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Legal History Commons

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Articles 1 - 4 of 4

Full-Text Articles in Legal History

Tortured History: Finding Our Way Back To The Lost Origins Of The Eighth Amendment, Celia Rumann Apr 2012

Tortured History: Finding Our Way Back To The Lost Origins Of The Eighth Amendment, Celia Rumann

Pepperdine Law Review

No abstract provided.


Engendering The History Of Race And International Relations: The Career Of Edith Sampson, 1927–1978, Gwen Jordan Apr 2012

Engendering The History Of Race And International Relations: The Career Of Edith Sampson, 1927–1978, Gwen Jordan

Chicago-Kent Law Review

Edith Sampson was one of the leading black women lawyers in Chicago for over fifty years. She was admitted to the bar in 1927 and achieved a number of firsts in her career: the first black woman judge in Illinois, the first African American delegate to the United Nations, and the first African American appointed to the North Atlantic Treaty Organization. Sampson was also a pro-democracy, international spokesperson for the U.S. government during the Cold War, a position that earned her scorn from more radical African Americans, contributed to a misinterpretation of her activism, and resulted in her relative ...


Timeline Of African-American Legal History In Nevada (1861-2011), Rachel J. Anderson Feb 2012

Timeline Of African-American Legal History In Nevada (1861-2011), Rachel J. Anderson

Scholarly Works

For the first time in Nevada history, this timeline depicts selected events in the history of African-American lawyers, civil rights, and diversity in Nevada's bar and bench. It includes many historically significant pictures and is part of a special Black History Month issue of the Nevada Lawyer, the official publication of the State Bar of Nevada. That issue highlights the achievements and contributions of African-American lawyers in Nevada in honor of the 51st anniversary of the first African American (Charles L. Kellar) passing the Nevada state bar examination, the 48th anniversary of the first two African Americans admitted to ...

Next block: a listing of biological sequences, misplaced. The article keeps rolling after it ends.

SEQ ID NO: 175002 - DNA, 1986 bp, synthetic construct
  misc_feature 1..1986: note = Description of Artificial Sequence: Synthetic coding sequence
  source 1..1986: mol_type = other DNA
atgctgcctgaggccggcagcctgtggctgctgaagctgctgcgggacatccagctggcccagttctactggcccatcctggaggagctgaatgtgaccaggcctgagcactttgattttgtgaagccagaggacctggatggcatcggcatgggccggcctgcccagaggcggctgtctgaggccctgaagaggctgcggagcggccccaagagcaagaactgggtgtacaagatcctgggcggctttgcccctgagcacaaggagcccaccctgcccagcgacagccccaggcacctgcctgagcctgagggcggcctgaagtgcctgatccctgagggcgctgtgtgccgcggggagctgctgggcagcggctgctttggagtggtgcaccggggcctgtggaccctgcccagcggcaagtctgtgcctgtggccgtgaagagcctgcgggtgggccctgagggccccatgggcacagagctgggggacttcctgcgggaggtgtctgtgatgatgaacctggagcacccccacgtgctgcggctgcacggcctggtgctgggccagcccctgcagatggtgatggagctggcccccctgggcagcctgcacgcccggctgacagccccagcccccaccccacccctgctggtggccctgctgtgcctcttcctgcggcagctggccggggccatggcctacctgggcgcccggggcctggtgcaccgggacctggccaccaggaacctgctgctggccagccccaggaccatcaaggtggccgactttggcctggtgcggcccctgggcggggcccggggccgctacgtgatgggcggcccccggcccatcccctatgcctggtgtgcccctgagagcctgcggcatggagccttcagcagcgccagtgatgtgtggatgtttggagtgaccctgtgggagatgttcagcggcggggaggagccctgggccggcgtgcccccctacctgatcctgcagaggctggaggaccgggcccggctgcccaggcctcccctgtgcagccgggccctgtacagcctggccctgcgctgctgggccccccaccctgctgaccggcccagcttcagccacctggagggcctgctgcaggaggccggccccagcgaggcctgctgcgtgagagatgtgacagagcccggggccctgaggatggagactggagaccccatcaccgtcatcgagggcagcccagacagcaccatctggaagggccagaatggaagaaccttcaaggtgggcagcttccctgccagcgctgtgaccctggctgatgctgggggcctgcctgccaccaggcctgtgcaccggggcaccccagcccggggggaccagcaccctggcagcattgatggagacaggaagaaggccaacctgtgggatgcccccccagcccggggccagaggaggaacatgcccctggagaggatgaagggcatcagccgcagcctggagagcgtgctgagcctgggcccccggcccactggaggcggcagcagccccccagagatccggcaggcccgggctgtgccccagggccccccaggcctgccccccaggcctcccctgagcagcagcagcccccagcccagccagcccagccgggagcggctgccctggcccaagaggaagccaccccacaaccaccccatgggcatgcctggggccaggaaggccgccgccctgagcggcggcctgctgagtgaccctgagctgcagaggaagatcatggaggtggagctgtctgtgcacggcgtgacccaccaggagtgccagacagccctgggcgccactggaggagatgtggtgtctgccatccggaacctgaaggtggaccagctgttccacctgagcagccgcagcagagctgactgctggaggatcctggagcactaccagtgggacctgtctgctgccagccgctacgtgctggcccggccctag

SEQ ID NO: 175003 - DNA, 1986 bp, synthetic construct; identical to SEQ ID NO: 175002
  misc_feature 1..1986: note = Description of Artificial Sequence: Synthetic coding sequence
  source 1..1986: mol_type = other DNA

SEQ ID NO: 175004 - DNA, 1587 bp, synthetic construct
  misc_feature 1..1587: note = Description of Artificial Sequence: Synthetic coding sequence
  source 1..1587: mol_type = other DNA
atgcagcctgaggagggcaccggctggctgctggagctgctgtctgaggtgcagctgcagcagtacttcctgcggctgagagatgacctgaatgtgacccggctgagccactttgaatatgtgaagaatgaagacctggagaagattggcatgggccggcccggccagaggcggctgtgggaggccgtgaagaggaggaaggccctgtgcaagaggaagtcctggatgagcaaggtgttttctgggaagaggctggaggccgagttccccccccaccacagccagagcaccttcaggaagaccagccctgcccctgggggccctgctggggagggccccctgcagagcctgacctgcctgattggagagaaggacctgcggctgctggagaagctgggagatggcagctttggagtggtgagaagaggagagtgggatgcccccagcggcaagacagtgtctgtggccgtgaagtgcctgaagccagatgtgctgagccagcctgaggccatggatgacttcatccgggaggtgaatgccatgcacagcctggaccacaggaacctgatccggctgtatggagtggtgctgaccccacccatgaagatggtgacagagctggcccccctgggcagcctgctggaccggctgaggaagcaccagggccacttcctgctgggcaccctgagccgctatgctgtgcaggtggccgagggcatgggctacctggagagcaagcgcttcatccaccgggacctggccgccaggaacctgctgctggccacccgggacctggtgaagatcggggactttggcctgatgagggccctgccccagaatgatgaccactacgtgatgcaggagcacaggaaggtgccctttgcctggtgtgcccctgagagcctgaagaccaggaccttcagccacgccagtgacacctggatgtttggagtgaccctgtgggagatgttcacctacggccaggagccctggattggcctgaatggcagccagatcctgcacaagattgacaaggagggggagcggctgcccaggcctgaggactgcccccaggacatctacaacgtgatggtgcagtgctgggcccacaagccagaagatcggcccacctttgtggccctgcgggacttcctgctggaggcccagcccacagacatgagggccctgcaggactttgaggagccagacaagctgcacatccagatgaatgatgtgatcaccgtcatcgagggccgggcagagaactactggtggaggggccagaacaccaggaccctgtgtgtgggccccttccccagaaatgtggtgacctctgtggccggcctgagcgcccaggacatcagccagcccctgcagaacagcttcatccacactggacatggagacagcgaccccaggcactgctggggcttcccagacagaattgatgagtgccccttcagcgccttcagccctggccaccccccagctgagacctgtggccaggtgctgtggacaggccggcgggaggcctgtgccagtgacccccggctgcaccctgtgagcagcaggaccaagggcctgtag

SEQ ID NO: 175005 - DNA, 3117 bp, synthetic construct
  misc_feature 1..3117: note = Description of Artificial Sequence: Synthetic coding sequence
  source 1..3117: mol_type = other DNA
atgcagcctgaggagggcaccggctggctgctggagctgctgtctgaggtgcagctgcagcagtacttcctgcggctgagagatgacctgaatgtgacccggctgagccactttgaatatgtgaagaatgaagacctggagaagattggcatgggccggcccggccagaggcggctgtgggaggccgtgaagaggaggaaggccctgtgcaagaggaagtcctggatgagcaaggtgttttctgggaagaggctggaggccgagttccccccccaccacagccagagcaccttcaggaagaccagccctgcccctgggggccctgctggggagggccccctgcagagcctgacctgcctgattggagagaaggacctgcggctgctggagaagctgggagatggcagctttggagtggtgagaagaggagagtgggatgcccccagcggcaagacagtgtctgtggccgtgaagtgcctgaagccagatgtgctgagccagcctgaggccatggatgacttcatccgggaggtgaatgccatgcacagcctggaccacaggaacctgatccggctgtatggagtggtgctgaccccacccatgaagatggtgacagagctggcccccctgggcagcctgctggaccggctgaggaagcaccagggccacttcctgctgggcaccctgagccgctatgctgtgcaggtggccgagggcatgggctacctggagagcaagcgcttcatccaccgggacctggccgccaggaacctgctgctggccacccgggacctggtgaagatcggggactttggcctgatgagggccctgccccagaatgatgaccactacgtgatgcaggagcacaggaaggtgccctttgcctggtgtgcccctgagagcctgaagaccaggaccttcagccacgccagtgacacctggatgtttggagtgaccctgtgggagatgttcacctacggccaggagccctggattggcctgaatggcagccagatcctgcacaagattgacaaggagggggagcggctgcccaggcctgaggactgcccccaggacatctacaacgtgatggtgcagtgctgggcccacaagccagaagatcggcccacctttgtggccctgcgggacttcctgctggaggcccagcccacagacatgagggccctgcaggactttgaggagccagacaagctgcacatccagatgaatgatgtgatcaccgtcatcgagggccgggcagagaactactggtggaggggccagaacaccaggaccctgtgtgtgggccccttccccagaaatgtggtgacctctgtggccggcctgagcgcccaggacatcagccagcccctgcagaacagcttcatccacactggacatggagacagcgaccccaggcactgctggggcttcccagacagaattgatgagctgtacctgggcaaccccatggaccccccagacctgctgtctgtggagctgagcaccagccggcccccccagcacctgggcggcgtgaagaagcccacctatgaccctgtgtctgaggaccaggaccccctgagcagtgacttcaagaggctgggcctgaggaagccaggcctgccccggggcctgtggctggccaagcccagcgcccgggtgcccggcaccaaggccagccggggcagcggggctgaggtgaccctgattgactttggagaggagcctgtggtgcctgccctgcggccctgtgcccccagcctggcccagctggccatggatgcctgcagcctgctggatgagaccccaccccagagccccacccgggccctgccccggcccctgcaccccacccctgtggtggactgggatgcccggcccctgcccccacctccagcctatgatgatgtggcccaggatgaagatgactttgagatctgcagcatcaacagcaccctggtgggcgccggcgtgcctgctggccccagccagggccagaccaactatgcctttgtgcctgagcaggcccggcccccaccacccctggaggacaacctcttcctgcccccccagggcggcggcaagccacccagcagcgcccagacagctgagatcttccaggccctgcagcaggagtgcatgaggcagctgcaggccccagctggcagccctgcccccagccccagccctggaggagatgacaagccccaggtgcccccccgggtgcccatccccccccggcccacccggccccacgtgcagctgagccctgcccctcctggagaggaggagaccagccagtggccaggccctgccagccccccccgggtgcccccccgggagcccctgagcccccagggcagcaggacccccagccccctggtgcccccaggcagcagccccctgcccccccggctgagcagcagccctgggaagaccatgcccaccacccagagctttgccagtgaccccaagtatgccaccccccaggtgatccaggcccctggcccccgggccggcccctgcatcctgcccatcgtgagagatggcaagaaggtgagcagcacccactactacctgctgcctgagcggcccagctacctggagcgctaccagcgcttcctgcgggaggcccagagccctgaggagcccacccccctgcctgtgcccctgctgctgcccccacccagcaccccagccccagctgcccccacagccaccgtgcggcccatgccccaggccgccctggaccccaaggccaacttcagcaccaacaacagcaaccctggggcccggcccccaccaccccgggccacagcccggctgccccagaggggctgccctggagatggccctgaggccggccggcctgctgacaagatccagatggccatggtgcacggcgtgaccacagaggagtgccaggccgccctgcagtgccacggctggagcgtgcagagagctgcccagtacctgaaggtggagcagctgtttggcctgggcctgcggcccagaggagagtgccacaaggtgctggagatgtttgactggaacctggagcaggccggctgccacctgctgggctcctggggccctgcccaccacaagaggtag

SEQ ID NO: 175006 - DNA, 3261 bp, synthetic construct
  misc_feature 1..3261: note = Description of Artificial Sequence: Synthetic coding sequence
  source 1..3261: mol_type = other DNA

The Long And Winding Road From Monroe To Connick, Sheldon Nahmod Dec 2011

The Long And Winding Road From Monroe To Connick, Sheldon Nahmod

Sheldon Nahmod

In this article, I address the historical and doctrinal development of § 1983 local government liability, beginning with Monroe v. Pape in 1961 and culminating in the Supreme Court’s controversial 2011 failure to train decision in Connick v. Thompson. Connick has made it exceptionally difficult for § 1983 plaintiffs to prevail against local governments in failure to train cases. In the course of my analysis, I also consider the oral argument and opinions in Connick as well as various aspects of § 1983 doctrine. I ultimately situate Connick in the Court’s federalism jurisprudence which doubles back to Justice Frankfurter’s view ...